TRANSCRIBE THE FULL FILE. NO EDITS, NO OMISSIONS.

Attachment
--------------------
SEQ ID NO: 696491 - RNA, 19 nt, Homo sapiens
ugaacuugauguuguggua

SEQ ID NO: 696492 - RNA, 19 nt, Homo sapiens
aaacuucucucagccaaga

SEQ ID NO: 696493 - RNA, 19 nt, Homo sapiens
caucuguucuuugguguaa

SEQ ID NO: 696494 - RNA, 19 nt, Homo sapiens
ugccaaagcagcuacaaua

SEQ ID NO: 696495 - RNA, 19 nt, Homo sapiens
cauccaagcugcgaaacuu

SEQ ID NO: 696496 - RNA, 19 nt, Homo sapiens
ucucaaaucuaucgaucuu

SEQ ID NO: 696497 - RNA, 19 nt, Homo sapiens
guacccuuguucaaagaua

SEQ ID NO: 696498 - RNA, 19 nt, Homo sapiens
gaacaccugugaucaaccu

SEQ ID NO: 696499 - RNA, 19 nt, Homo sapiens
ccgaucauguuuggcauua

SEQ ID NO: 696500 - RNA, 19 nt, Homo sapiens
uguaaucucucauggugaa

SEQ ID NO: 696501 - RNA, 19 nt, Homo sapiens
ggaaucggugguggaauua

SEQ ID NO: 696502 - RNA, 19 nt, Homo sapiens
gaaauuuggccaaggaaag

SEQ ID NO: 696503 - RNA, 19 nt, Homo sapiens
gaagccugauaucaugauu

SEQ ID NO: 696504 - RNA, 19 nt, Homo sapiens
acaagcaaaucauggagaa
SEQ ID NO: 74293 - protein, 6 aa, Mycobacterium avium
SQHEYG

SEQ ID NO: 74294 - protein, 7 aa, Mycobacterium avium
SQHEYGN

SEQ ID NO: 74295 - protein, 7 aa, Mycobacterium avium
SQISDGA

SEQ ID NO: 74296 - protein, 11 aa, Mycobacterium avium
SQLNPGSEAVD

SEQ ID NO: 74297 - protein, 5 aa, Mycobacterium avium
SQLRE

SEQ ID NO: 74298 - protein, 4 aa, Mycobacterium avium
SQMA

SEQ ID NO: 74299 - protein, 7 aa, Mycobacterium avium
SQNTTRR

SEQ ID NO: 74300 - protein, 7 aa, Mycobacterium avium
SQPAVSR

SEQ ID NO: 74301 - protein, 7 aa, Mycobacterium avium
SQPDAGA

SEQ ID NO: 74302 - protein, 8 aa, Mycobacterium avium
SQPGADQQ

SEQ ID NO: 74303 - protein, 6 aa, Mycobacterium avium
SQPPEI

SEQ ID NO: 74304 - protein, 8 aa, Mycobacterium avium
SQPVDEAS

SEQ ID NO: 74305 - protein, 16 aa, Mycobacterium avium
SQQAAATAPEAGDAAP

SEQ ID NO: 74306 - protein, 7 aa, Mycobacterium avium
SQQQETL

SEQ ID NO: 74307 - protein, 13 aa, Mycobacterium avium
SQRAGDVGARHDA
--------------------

SEQ ID NO: 696491 - RNA, 19 nt, Homo sapiens
ugaacuugauguuguggua

SEQ ID NO: 696492 - RNA, 19 nt, Homo sapiens
aaacuucucucagccaaga

SEQ ID NO: 696493 - RNA, 19 nt, Homo sapiens
caucuguucuuugguguaa

SEQ ID NO: 696494 - RNA, 19 nt, Homo sapiens
ugccaaagcagcuacaaua

SEQ ID NO: 696495 - RNA, 19 nt, Homo sapiens
cauccaagcugcgaaacuu

SEQ ID NO: 696496 - RNA, 19 nt, Homo sapiens
ucucaaaucuaucgaucuu

SEQ ID NO: 696497 - RNA, 19 nt, Homo sapiens
guacccuuguucaaagaua

SEQ ID NO: 696498 - RNA, 19 nt, Homo sapiens
gaacaccugugaucaaccu

SEQ ID NO: 696499 - RNA, 19 nt, Homo sapiens
ccgaucauguuuggcauua

SEQ ID NO: 696500 - RNA, 19 nt, Homo sapiens
uguaaucucucauggugaa

SEQ ID NO: 696501 - RNA, 19 nt, Homo sapiens
ggaaucggugguggaauua

SEQ ID NO: 696502 - RNA, 19 nt, Homo sapiens
gaaauuuggccaaggaaag

SEQ ID NO: 696503 - RNA, 19 nt, Homo sapiens
gaagccugauaucaugauu

SEQ ID NO: 696504 - RNA, 19 nt, Homo sapiens
acaagcaaaucauggagaa
SEQ ID NO: 74293 - protein, 6 aa, Mycobacterium avium
SQHEYG

SEQ ID NO: 74294 - protein, 7 aa, Mycobacterium avium
SQHEYGN

SEQ ID NO: 74295 - protein, 7 aa, Mycobacterium avium
SQISDGA

SEQ ID NO: 74296 - protein, 11 aa, Mycobacterium avium
SQLNPGSEAVD

SEQ ID NO: 74297 - protein, 5 aa, Mycobacterium avium
SQLRE

SEQ ID NO: 74298 - protein, 4 aa, Mycobacterium avium
SQMA

SEQ ID NO: 74299 - protein, 7 aa, Mycobacterium avium
SQNTTRR

SEQ ID NO: 74300 - protein, 7 aa, Mycobacterium avium
SQPAVSR

SEQ ID NO: 74301 - protein, 7 aa, Mycobacterium avium
SQPDAGA

SEQ ID NO: 74302 - protein, 8 aa, Mycobacterium avium
SQPGADQQ

SEQ ID NO: 74303 - protein, 6 aa, Mycobacterium avium
SQPPEI

SEQ ID NO: 74304 - protein, 8 aa, Mycobacterium avium
SQPVDEAS

SEQ ID NO: 74305 - protein, 16 aa, Mycobacterium avium
SQQAAATAPEAGDAAP

SEQ ID NO: 74306 - protein, 7 aa, Mycobacterium avium
SQQQETL

SEQ ID NO: 74307 - protein, 13 aa, Mycobacterium avium
SQRAGDVGARHDA